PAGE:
The Advisor

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Why Are Other Businesses More Successful?

By Brenda Kelleher-Flight, GDP Consulting


Do you have a great product or service? Do you wonder why sales aren’t what you think they should be? Where are those buyers?


There are certain factors that influence business success. If we as business owners ignore any of these, our business will suffer.


I don’t want or need it.

The first thing to remember is that purchasers make choices based on their emotional reaction but justify their expenditures rationally. Therefore, we need to trigger their emotions and their rational minds.


Many people find it hard to part with their hard-earned cash unless what we have to offer

- solves a problem

- make them feel better

- lessens their tension

- fills a void


I don’t trust you.

I know we talk about leadership all the time, but a sound business requires excellence in leadership. This means avoiding giving potential clients the notion that we will be here today and gone tomorrow.


Customers have to feel that they are looked after emotionally. They many need to feel richer than they are and/or smarter than they are. They want to know that if there is a difference of opinion, you will problem solve immediately rather than blaming them or treating them as irritants. Vendors and clients alike want to know that you see conflict (differences of opinion) as normal and acceptable.


I know better than you.

Many of us think we know our business better than others and are unable to take advice from individuals who have an unbiased view of our company. If we focus on one leaf we can’t see the branch, and if we focus on one branch we can’t see the tree. Sometimes we are so committed to being right that we keep making the same mis takes over and over. We are unable to listen to vendors, business forecasts, the community in general, or our staff.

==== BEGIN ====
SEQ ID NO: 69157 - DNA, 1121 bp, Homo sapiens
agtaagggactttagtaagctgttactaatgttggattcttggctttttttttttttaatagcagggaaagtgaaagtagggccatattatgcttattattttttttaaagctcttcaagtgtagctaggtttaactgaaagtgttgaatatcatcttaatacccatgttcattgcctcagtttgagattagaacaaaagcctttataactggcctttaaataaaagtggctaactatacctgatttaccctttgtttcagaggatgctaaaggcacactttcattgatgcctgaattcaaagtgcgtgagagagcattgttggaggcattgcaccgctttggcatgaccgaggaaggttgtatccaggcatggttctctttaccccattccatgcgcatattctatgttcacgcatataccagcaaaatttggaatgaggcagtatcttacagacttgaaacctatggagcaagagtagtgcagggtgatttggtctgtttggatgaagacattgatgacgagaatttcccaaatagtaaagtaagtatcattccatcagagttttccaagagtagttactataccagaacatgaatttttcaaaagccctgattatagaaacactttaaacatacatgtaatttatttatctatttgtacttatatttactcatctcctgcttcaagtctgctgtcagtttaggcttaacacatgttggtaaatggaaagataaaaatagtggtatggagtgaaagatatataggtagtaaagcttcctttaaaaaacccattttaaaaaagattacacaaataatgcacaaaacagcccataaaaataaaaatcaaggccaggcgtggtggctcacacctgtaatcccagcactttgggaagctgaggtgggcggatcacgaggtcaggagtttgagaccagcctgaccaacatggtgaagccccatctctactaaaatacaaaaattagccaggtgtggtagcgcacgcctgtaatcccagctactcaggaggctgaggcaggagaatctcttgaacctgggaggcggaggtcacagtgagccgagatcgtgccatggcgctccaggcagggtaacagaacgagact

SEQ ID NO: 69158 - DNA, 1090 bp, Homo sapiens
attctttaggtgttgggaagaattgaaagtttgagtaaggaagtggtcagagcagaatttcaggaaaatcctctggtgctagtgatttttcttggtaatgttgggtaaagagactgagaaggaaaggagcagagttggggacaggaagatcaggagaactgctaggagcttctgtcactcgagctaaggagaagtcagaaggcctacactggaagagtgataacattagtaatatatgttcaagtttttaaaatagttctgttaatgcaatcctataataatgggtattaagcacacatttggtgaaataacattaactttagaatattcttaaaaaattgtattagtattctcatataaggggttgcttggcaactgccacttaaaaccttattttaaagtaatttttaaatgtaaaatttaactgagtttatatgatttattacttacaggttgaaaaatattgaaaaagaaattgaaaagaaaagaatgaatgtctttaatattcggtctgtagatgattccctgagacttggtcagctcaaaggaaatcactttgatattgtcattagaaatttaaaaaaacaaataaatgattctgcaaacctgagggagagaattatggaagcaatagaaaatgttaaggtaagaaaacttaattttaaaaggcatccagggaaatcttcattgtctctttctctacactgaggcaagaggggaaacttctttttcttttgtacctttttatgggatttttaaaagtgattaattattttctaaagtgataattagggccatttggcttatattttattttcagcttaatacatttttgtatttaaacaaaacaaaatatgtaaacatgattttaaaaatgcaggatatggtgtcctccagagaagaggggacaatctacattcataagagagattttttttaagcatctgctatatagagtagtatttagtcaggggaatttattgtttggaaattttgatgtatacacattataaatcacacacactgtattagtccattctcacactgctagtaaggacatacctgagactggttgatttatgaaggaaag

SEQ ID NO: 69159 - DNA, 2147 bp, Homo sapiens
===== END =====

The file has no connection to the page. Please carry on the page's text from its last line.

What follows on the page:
We don’t agree.

Disagreement occurs when individuals enter business partnerships, bring in family members, or hire uncommitted staff members without discussing and agreeing on

- specific roles

- payout agreements (salary or dividends)

- accountability processes

- specific plans and assignments

- conflict resolution processes

- communication expectations

- reporting specifics

- business analysis methods

- meeting times and agendas


We don’t need to be different.

All businesses need a competitive edge. What is yours? What is your value-added? If you are the same as every other business of your type, you will capture only a small portion of that market and that may not be enough to turn a profit.


Know if the problem or issue you are solving is urgent, if your response time is beyond the customer’s expectations, articulate the consequences of a customer’s inaction, and identify how the market is underserved


Establish yourself as a leader, and develop your reputation and expertise with knowledge-sharing activities, such as writing blogs or articles, or presenting podcasts and webinars. You don’t need to sell during those activities; you do need to be seen as credible, trustworthy, and very approachable.


The key is to listen to other experts, make informed decisions, solve problems without delay, and act as a business person 100% of the time. Listen to your customers when designing products and services, and do not let others cause you to lose your focus.


You deserve to succeed. You know the conditions for success. Use this knowledge every day to encourage your customers to become your sales force.



Brenda Kelleher-Flight,

GDP Consulting

Brenda Kelleher-Flight is a member of NLOWE. She is a master business coach who specializes in helping business owners become unstuck, focus on business growth, find the right employees, resolve conflict, and achieve the success they envision. She coaches face-to-face and via Skype and telephone. Your needs are her focus.